1st Gear: Inflated New Car Inventory Could Be Killing Used Car Prices
Analysts have long suspected that high volumes of lease turn-ins would kill used car prices, but that’s not really the case right now, according to Automotive News. The publication claims it’s a surplus in new vehicles—and the associated incentives aimed to reduce that surplus—that’s hurting used car pricing more than anything, referencing chief economist of Cox Automotive Tom Webb, who said:
The fact that dealers have 4-plus million new vehicles in stock is what puts pressure on used-vehicle values... Obviously, that’s too many.
As Automotive News points out, that “4-plus million” is actually 4.19 million vehicles worth of new-car inventory as of the start of April, which the Automotive News Data center claims is the highest at the start of any month since 2004.
Automotive News spoke with the senior vice president of automotive valuation and analytics at Black Book, who talked about the “vicious cycle” that incentives can start:
As inventories rise and demand slips from an all-time peak, automakers are increasingly under pressure to slap incentives on vehicles to sustain sales and justify high vehicle production. That, in turn, causes dealers to further lower used-vehicle prices to keep them attractive, potentially putting more pressure on automakers to offer additional incentives on new cars.
It makes sense: heavy incentives on new vehicles can make people think twice about buying a two year-old car, especially if the former doesn’t cost much more.
And indeed, that’s what Automotive News suspects is happening right now, as it mentions that the NADA Used Car Guide’s Used Vehicle Price Index has dropped to its lowest value since 2010, and the Manheim Used Vehicle Value Index has gone down for the 5th time in the past six months.
So if you’re looking for a slightly used car, now might be the time to buy one. Or you can just take the cash on the hood of the new car like everyone else is doing.
2nd Gear: British VW Owners Say Their Dieselgate Fix Turns Their Cars Into Junk
It’s been about a year since VW started dishing out software and hardware fixes for its European model diesel models that cheated on emissions tests. But Autocar reports that those “fixes,” have been causing all sorts of problems for owners.
Those issues are all outlined in a document submitted to the UK’s Transport Select Committee by Volkswagen Diesel Customer Forum, and allegedly represents complaints by over 1,000 TDI owners. Autocar breaks down the document’s major complaints, writing:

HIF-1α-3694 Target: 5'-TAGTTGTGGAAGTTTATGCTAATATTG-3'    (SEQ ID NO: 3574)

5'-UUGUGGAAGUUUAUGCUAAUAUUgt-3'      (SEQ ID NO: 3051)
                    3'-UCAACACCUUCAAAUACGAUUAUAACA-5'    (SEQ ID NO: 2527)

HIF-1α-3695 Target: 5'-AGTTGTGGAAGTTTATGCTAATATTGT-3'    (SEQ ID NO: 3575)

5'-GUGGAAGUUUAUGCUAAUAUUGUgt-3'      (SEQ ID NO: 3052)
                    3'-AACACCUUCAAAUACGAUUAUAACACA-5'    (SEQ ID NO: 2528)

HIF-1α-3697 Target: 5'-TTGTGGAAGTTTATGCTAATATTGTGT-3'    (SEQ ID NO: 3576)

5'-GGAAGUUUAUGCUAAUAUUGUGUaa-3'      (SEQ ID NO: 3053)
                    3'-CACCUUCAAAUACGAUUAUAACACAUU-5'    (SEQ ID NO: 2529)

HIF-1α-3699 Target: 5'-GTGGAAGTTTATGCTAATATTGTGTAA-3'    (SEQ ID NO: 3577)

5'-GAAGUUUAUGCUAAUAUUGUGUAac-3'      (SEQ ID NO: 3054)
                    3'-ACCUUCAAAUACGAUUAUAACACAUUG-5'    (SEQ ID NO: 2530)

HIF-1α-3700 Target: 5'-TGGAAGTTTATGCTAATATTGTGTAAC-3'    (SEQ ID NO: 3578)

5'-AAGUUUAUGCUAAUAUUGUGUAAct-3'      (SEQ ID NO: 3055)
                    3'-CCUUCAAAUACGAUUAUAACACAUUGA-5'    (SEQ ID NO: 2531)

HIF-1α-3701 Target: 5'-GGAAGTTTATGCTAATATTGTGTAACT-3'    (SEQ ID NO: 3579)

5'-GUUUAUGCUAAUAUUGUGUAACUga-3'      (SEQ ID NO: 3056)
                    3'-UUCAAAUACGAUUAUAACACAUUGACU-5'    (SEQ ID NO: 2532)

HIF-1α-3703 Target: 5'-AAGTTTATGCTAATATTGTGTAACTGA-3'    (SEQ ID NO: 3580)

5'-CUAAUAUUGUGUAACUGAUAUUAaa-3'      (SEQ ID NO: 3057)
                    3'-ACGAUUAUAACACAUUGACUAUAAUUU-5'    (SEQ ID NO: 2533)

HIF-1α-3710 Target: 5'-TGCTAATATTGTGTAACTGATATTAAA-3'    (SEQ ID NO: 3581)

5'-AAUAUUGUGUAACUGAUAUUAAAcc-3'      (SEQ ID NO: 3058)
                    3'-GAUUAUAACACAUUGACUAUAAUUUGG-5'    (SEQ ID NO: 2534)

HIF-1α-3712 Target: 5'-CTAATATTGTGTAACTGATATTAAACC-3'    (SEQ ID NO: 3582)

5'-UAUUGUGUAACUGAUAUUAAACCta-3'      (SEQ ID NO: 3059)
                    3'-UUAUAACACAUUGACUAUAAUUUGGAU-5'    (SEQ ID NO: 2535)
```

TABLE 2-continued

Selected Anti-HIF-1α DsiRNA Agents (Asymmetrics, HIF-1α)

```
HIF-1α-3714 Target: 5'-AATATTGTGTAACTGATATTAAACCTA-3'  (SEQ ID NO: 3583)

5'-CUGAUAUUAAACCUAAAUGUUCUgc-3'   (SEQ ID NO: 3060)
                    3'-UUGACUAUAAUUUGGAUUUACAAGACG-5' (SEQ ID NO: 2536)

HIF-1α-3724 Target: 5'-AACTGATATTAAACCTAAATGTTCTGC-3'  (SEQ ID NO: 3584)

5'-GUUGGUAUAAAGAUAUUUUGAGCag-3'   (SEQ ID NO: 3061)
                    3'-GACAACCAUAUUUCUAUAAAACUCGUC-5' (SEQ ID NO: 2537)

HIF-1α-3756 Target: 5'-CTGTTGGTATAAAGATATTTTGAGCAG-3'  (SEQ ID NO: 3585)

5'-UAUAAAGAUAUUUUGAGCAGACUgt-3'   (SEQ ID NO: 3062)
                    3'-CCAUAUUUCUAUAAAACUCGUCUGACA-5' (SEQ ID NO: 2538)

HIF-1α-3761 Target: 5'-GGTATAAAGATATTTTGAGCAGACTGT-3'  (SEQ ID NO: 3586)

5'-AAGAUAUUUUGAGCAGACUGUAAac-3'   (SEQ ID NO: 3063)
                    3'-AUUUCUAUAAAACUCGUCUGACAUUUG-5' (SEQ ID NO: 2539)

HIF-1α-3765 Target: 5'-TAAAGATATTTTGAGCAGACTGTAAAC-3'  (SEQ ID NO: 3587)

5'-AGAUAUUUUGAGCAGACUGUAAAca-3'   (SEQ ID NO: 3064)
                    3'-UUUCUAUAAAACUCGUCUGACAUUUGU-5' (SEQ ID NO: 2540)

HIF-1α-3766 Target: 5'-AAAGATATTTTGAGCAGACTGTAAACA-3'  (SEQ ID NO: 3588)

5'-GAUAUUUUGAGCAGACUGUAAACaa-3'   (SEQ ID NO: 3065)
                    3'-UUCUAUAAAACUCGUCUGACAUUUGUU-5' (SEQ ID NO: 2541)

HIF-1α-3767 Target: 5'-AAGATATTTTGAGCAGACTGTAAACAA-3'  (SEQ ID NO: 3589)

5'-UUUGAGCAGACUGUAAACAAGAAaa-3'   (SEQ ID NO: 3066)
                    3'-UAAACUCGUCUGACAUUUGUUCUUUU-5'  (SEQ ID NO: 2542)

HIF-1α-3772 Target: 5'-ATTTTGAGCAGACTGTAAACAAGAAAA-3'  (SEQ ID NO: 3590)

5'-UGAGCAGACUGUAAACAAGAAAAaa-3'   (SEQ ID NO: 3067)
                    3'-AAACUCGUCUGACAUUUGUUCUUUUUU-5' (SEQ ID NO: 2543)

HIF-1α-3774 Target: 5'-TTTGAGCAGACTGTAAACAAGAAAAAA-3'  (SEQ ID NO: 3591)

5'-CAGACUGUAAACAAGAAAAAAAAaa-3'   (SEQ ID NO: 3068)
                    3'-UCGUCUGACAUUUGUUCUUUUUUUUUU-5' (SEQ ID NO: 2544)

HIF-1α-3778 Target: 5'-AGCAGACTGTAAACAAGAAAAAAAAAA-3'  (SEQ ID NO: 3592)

Owners of cars issued with a fix for affected 2.0-litre diesel engines have also noticed increased exhaust smoke, excessive regeneration of diesel particulate filters (DPF) and DPF failure.
It says exhaust gas regeneration (EGR) valves have also failed, as have turbochargers and fuel injectors. Further claims state that other vehicles have entered limp mode or their engines have got louder once the voluntary fix was issued.
Volkswagen responded to the car website, saying that only one percent of all “repaired” vehicles were plagued by such problems. The site quotes VW’s spokesperson as saying:
That means that over 99% of customers are satisfied with the application of the technical measures, which of course are carried out free of charge. As you would expect, we make it a priority to look at the vehicles of the very small proportion of customers who report any issues.
We here in the U.S. have only had a an emissions fix approved for a handful of our vehicles (and even then, it was just a software fix), and I haven’t heard too many complaints yet. As the EPA and California Air Resources Board approves more repairs, and as new hardware is installed, that may change.
Anyway, here in the U.S., our managing editor Erin just bought a “fixed” 2015 TDI manual Golf wagon. Expect to hear a lot more from her soon on the purchase, and what it’s like to own one of these long-term.
3rd Gear: A More Moderate NAFTA Deal May Be On The Horizon
The automotive industry has scores of OEM assembly plants and Tier One supplier factories in both Mexico and Canada, so changes to the trilateral North Atlantic Free Trade Agreement could have major impacts on not just automakers, but consumers too.
Killing off NAFTA entirely, as President Trump has threatened to do if he’s unable to re-work the existing agreement, would have a staggering impact. Lately it seems more like Trump will seek to retool NAFTA than kill it.